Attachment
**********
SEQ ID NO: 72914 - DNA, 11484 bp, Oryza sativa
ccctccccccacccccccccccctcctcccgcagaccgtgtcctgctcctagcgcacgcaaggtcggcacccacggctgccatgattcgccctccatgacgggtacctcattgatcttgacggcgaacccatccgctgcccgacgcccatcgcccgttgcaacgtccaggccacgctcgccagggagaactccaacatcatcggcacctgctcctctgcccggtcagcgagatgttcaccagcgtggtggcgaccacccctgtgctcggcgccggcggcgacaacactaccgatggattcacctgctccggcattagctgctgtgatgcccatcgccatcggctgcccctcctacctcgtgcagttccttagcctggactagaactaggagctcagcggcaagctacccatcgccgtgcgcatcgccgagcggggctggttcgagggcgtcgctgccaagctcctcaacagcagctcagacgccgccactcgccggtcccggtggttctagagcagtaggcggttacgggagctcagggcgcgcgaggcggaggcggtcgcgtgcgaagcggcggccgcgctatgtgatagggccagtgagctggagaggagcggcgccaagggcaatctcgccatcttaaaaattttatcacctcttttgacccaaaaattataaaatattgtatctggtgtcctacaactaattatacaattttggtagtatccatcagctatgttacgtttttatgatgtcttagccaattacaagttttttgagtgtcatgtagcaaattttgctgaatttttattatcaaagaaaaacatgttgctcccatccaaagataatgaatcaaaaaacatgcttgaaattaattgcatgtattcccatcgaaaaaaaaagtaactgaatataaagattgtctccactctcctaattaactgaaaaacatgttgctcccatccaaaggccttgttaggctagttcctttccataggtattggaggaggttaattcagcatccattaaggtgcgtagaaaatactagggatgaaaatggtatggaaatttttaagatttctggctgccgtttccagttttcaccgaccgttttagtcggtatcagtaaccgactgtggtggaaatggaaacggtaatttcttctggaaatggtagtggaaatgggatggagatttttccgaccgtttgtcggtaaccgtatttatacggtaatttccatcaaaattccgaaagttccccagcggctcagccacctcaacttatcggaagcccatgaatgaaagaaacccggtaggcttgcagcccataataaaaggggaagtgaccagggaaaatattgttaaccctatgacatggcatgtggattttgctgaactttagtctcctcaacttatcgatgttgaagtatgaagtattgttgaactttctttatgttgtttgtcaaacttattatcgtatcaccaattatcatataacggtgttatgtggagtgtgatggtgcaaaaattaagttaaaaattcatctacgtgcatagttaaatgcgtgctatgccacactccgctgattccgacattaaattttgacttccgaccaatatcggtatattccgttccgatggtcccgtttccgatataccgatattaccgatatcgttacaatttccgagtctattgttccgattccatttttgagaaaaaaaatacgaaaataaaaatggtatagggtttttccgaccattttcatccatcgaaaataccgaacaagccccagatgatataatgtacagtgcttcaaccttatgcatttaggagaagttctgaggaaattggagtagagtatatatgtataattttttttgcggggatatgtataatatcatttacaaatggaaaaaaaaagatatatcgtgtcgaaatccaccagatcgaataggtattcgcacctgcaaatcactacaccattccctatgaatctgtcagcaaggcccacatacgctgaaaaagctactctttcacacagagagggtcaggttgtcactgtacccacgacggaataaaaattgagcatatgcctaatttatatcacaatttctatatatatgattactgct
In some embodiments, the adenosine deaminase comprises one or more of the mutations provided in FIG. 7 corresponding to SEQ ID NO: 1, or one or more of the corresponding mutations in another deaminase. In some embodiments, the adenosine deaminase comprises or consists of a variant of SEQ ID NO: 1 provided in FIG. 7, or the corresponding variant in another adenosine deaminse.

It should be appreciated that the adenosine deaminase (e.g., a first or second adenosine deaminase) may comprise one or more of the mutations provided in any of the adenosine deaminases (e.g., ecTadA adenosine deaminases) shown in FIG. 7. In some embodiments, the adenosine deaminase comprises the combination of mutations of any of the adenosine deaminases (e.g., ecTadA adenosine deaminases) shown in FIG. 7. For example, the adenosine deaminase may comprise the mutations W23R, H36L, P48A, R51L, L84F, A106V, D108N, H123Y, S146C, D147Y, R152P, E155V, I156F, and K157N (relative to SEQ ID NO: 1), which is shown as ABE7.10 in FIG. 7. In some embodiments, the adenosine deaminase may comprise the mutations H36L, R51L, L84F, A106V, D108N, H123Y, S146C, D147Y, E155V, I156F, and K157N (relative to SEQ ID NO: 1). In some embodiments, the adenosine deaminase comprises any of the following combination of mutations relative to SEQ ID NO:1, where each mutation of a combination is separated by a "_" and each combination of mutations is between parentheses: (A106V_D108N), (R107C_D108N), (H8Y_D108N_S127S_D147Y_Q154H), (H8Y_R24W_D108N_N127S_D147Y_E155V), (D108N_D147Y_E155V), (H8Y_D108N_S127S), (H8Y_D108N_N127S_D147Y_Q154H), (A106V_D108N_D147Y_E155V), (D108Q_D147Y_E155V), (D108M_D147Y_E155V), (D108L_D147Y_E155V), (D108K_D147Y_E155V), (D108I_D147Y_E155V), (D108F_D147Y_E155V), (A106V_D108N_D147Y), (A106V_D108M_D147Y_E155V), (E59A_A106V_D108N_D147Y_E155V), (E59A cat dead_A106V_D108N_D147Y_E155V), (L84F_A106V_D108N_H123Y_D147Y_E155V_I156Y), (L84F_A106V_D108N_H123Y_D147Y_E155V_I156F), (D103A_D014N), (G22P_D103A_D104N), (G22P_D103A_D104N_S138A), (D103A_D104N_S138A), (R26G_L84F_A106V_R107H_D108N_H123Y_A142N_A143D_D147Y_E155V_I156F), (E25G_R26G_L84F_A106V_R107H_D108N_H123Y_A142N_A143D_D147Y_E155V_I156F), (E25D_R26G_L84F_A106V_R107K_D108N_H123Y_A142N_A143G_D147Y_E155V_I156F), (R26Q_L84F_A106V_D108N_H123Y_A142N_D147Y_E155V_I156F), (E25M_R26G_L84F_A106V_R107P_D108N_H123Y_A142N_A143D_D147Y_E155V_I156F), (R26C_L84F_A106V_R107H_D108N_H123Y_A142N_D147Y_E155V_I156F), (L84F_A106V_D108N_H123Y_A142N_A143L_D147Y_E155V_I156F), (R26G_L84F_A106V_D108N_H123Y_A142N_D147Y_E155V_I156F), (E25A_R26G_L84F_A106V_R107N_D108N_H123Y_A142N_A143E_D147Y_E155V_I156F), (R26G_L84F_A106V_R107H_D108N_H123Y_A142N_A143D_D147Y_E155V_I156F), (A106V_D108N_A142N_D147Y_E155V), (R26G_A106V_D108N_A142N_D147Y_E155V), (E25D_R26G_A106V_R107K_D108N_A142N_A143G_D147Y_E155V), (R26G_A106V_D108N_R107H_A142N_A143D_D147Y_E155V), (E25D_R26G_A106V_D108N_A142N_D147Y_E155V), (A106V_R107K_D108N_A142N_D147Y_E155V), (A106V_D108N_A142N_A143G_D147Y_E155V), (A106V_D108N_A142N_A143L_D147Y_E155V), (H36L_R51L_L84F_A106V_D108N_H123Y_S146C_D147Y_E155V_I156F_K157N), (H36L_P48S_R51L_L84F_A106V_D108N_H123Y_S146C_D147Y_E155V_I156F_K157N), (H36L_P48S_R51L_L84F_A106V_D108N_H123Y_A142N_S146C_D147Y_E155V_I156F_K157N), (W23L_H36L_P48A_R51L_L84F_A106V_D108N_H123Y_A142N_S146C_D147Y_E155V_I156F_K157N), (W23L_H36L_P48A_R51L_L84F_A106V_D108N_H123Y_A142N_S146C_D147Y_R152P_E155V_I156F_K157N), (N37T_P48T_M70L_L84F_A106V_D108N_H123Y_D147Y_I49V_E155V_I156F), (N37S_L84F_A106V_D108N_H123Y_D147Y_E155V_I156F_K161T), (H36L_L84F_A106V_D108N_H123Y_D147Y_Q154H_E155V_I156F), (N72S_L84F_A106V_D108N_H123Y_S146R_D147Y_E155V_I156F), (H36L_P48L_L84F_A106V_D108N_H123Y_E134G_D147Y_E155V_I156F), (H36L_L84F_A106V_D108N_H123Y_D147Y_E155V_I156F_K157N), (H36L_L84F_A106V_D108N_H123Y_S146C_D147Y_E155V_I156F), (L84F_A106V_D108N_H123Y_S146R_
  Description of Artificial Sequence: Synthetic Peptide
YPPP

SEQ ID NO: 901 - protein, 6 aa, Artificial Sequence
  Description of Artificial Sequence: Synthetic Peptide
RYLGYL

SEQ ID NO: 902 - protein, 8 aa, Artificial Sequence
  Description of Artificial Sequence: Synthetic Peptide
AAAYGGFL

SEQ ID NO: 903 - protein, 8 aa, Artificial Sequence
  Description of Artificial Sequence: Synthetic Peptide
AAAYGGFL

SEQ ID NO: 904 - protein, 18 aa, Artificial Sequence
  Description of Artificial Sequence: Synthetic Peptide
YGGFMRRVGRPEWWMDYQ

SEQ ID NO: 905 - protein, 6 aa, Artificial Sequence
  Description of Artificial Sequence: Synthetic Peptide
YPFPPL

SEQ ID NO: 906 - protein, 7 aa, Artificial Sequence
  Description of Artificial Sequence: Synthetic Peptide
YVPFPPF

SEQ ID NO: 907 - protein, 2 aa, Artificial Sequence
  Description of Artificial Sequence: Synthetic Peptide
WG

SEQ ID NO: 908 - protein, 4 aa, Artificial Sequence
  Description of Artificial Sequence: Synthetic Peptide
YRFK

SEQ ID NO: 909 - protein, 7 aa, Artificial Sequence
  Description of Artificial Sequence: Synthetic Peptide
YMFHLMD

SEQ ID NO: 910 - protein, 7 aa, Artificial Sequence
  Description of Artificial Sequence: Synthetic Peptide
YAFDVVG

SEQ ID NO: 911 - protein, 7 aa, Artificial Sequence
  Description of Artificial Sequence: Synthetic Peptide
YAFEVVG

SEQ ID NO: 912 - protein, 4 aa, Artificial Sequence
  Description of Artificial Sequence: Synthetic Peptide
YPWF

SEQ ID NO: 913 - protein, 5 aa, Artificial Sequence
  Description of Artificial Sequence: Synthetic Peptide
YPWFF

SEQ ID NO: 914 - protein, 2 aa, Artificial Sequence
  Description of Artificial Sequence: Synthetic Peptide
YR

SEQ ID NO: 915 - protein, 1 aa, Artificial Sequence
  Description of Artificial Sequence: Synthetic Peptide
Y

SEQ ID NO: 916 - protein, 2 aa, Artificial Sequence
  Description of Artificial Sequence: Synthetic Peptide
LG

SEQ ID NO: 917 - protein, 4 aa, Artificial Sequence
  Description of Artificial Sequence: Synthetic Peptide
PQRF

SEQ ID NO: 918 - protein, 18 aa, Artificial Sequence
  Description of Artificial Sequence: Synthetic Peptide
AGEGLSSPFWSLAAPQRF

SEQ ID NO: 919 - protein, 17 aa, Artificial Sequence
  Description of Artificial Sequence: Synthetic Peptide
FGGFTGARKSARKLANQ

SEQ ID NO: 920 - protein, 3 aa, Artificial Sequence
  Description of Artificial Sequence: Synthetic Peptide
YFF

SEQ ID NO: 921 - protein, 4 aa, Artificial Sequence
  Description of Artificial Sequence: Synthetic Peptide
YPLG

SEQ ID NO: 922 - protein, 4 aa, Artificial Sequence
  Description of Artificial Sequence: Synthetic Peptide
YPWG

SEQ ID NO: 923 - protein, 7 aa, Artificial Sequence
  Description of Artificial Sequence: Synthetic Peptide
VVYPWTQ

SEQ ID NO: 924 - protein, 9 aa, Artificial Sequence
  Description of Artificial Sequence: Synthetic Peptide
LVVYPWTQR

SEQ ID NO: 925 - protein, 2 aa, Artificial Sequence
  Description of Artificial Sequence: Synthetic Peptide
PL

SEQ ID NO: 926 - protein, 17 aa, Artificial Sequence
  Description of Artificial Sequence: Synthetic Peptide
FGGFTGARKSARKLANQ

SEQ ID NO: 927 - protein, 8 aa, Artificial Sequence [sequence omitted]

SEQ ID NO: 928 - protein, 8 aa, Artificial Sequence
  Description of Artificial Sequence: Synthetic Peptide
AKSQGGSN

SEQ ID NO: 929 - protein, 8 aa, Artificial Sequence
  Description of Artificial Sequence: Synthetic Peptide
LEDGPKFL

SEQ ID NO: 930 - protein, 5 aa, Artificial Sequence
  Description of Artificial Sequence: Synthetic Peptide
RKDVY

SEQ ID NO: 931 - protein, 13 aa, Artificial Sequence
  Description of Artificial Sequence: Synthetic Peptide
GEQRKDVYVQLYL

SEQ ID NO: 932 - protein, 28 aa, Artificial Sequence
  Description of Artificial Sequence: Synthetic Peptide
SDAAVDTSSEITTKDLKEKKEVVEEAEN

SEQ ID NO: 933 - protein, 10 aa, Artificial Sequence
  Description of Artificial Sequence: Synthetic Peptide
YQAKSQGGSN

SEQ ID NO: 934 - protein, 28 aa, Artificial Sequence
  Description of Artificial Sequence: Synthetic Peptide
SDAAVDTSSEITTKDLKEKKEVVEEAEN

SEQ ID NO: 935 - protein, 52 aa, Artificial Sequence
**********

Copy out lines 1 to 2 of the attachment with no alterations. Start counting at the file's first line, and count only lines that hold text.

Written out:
SEQ ID NO: 72914 - DNA, 11484 bp, Oryza sativa
ccctccccccacccccccccccctcctcccgcagaccgtgtcctgctcctagcgcacgcaaggtcggcacccacggctgccatgattcgccctccatgacgggtacctcattgatcttgacggcgaacccatccgctgcccgacgcccatcgcccgttgcaacgtccaggccacgctcgccagggagaactccaacatcatcggcacctgctcctctgcccggtcagcgagatgttcaccagcgtggtggcgaccacccctgtgctcggcgccggcggcgacaacactaccgatggattcacctgctccggcattagctgctgtgatgcccatcgccatcggctgcccctcctacctcgtgcagttccttagcctggactagaactaggagctcagcggcaagctacccatcgccgtgcgcatcgccgagcggggctggttcgagggcgtcgctgccaagctcctcaacagcagctcagacgccgccactcgccggtcccggtggttctagagcagtaggcggttacgggagctcagggcgcgcgaggcggaggcggtcgcgtgcgaagcggcggccgcgctatgtgatagggccagtgagctggagaggagcggcgccaagggcaatctcgccatcttaaaaattttatcacctcttttgacccaaaaattataaaatattgtatctggtgtcctacaactaattatacaattttggtagtatccatcagctatgttacgtttttatgatgtcttagccaattacaagttttttgagtgtcatgtagcaaattttgctgaatttttattatcaaagaaaaacatgttgctcccatccaaagataatgaatcaaaaaacatgcttgaaattaattgcatgtattcccatcgaaaaaaaaagtaactgaatataaagattgtctccactctcctaattaactgaaaaacatgttgctcccatccaaaggccttgttaggctagttcctttccataggtattggaggaggttaattcagcatccattaaggtgcgtagaaaatactagggatgaaaatggtatggaaatttttaagatttctggctgccgtttccagttttcaccgaccgttttagtcggtatcagtaaccgactgtggtggaaatggaaacggtaatttcttctggaaatggtagtggaaatgggatggagatttttccgaccgtttgtcggtaaccgtatttatacggtaatttccatcaaaattccgaaagttccccagcggctcagccacctcaacttatcggaagcccatgaatgaaagaaacccggtaggcttgcagcccataataaaaggggaagtgaccagggaaaatattgttaaccctatgacatggcatgtggattttgctgaactttagtctcctcaacttatcgatgttgaagtatgaagtattgttgaactttctttatgttgtttgtcaaacttattatcgtatcaccaattatcatataacggtgttatgtggagtgtgatggtgcaaaaattaagttaaaaattcatctacgtgcatagttaaatgcgtgctatgccacactccgctgattccgacattaaattttgacttccgaccaatatcggtatattccgttccgatggtcccgtttccgatataccgatattaccgatatcgttacaatttccgagtctattgttccgattccatttttgagaaaaaaaatacgaaaataaaaatggtatagggtttttccgaccattttcatccatcgaaaataccgaacaagccccagatgatataatgtacagtgcttcaaccttatgcatttaggagaagttctgaggaaattggagtagagtatatatgtataattttttttgcggggatatgtataatatcatttacaaatggaaaaaaaaagatatatcgtgtcgaaatccaccagatcgaataggtattcgcacctgcaaatcactacaccattccctatgaatctgtcagcaaggcccacatacgctgaaaaagctactctttcacacagagagggtcaggttgtcactgtacccacgacggaataaaaattgagcatatgcctaatttatatcacaatttctatatatatgattactgct